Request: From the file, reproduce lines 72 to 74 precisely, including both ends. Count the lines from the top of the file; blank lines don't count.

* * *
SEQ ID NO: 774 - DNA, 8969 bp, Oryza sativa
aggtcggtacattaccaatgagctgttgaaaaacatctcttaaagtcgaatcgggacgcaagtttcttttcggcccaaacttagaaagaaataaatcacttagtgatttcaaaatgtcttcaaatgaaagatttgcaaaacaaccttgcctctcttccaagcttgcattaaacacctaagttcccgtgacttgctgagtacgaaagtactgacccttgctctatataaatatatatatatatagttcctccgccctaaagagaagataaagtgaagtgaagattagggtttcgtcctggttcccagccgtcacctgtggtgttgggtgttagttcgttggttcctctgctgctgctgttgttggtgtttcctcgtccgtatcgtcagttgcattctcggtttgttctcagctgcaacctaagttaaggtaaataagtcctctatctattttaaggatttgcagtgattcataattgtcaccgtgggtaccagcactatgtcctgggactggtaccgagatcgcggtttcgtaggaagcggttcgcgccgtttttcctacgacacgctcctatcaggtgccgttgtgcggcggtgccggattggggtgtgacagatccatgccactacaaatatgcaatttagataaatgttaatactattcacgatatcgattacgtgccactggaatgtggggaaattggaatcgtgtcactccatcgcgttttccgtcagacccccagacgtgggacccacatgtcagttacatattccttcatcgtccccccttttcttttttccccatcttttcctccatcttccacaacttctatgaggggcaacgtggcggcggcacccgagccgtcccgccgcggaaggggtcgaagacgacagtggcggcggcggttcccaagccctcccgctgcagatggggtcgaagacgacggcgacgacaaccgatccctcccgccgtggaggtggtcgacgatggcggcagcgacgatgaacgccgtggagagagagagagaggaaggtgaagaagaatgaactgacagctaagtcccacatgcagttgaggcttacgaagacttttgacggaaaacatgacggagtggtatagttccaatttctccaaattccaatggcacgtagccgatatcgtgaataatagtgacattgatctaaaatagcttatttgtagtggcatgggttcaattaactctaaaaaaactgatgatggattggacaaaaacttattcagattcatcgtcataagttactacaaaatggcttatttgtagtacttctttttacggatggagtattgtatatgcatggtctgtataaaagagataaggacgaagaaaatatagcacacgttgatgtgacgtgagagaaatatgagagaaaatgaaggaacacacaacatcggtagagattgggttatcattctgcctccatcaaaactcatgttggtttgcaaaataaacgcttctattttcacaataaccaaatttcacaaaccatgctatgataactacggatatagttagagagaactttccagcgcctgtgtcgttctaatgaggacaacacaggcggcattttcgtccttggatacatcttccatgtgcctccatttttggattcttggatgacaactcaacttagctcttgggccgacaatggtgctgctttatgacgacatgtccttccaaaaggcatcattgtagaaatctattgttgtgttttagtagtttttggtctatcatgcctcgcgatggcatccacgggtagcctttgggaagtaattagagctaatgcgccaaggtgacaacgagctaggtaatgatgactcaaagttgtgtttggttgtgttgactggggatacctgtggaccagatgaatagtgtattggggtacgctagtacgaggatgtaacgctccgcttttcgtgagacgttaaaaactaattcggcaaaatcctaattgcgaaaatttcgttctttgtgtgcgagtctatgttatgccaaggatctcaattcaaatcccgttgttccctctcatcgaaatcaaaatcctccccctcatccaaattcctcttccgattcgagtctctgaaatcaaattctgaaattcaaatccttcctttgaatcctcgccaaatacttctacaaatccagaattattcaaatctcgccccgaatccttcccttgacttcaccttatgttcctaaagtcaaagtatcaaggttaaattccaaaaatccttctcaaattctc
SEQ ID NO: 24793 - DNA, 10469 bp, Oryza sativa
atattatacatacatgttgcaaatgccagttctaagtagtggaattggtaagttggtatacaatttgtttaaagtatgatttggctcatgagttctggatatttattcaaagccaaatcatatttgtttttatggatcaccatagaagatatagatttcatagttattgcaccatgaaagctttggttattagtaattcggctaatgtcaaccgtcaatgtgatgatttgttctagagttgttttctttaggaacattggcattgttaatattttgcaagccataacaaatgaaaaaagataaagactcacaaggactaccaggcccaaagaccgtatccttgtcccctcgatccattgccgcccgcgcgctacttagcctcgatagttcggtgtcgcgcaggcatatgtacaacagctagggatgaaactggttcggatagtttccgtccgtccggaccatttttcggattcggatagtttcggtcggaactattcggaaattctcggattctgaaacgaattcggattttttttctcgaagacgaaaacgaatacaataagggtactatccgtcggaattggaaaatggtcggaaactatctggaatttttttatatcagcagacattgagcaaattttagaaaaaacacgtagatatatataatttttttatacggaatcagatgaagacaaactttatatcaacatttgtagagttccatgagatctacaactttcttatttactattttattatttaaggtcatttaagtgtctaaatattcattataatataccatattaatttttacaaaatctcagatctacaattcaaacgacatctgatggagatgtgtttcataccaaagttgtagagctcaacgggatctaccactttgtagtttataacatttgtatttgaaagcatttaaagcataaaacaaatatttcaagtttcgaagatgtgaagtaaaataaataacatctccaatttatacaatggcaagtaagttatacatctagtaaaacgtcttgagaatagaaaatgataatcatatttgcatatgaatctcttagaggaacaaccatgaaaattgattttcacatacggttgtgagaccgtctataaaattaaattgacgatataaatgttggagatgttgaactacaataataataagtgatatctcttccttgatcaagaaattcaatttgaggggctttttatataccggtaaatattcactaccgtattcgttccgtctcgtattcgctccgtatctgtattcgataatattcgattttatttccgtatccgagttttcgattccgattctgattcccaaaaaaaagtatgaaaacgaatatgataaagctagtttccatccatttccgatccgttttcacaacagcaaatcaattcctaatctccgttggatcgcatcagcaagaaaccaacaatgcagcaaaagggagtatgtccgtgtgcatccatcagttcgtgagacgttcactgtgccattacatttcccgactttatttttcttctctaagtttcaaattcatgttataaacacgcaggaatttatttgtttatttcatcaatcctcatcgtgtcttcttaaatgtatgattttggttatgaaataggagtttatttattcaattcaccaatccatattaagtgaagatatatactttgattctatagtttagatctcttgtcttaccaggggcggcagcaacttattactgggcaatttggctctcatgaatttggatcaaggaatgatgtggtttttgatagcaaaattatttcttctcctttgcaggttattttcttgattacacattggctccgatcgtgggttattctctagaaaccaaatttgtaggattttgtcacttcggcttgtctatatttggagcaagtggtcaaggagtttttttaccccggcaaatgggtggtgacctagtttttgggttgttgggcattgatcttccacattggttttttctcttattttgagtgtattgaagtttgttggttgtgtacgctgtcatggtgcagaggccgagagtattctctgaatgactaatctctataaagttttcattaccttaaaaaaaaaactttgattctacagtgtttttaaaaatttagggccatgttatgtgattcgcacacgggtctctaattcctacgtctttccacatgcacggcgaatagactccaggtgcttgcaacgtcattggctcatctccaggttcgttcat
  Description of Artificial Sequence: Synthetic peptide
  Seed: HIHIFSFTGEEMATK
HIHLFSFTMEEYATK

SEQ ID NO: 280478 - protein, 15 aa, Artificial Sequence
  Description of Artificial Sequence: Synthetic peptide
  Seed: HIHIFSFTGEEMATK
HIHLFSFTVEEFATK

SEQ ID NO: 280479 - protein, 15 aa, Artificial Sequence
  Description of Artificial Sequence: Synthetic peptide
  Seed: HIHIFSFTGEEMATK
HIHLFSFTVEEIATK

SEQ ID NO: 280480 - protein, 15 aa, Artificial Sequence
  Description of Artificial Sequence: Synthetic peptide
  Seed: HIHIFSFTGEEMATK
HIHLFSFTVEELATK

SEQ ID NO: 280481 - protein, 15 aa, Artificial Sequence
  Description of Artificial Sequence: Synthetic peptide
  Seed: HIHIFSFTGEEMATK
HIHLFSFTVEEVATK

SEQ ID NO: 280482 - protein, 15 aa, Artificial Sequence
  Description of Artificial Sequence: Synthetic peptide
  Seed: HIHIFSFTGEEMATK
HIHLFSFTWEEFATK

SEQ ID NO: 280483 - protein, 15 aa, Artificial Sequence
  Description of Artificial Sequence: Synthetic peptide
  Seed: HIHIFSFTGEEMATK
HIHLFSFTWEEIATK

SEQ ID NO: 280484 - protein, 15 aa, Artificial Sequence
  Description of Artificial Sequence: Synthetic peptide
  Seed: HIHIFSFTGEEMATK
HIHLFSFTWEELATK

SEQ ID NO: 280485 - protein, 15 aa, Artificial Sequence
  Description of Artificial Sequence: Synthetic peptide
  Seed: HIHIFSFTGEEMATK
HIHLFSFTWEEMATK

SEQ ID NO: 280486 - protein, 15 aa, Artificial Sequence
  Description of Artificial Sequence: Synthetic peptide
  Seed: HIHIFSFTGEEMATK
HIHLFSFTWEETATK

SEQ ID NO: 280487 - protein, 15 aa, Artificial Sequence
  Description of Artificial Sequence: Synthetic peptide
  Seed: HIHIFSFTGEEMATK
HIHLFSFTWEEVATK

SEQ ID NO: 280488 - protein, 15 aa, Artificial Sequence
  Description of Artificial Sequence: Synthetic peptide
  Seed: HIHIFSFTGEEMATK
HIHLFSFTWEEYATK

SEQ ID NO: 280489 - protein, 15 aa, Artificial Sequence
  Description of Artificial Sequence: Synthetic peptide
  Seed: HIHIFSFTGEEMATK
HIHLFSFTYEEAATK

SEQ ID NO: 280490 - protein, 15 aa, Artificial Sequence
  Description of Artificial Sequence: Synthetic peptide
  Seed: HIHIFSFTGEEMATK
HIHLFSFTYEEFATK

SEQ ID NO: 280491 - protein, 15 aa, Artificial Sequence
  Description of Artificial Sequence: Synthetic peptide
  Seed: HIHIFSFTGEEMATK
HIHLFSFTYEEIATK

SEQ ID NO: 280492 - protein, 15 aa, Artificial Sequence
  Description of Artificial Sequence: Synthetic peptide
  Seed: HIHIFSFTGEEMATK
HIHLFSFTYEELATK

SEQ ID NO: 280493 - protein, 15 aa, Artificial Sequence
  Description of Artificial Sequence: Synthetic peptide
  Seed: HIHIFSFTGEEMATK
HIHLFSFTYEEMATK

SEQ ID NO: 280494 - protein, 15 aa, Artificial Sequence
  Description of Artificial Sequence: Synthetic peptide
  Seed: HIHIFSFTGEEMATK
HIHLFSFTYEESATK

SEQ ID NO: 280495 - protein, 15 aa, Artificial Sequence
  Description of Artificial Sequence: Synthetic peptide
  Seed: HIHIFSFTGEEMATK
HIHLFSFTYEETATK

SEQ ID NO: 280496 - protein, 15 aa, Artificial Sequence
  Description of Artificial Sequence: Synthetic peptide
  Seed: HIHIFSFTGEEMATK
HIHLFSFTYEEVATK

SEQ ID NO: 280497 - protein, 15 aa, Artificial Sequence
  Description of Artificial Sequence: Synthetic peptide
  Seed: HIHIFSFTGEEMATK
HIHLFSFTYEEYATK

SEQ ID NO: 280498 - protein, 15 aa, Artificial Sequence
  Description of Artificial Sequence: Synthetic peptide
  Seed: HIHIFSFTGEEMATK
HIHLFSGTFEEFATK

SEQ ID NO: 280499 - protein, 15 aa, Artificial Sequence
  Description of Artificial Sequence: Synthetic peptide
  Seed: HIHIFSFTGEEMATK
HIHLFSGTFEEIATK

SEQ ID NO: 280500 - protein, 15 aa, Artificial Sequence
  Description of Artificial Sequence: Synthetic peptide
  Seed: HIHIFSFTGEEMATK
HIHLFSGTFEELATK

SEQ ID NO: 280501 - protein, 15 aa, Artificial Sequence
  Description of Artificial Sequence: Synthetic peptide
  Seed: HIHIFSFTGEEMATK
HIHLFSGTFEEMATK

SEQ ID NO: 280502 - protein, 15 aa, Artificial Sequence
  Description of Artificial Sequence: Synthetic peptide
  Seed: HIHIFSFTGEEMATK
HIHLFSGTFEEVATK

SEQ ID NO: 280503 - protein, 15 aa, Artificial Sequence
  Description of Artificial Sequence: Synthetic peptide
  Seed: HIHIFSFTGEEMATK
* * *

SEQ ID NO: 280494 - protein, 15 aa, Artificial Sequence
  Description of Artificial Sequence: Synthetic peptide
  Seed: HIHIFSFTGEEMATK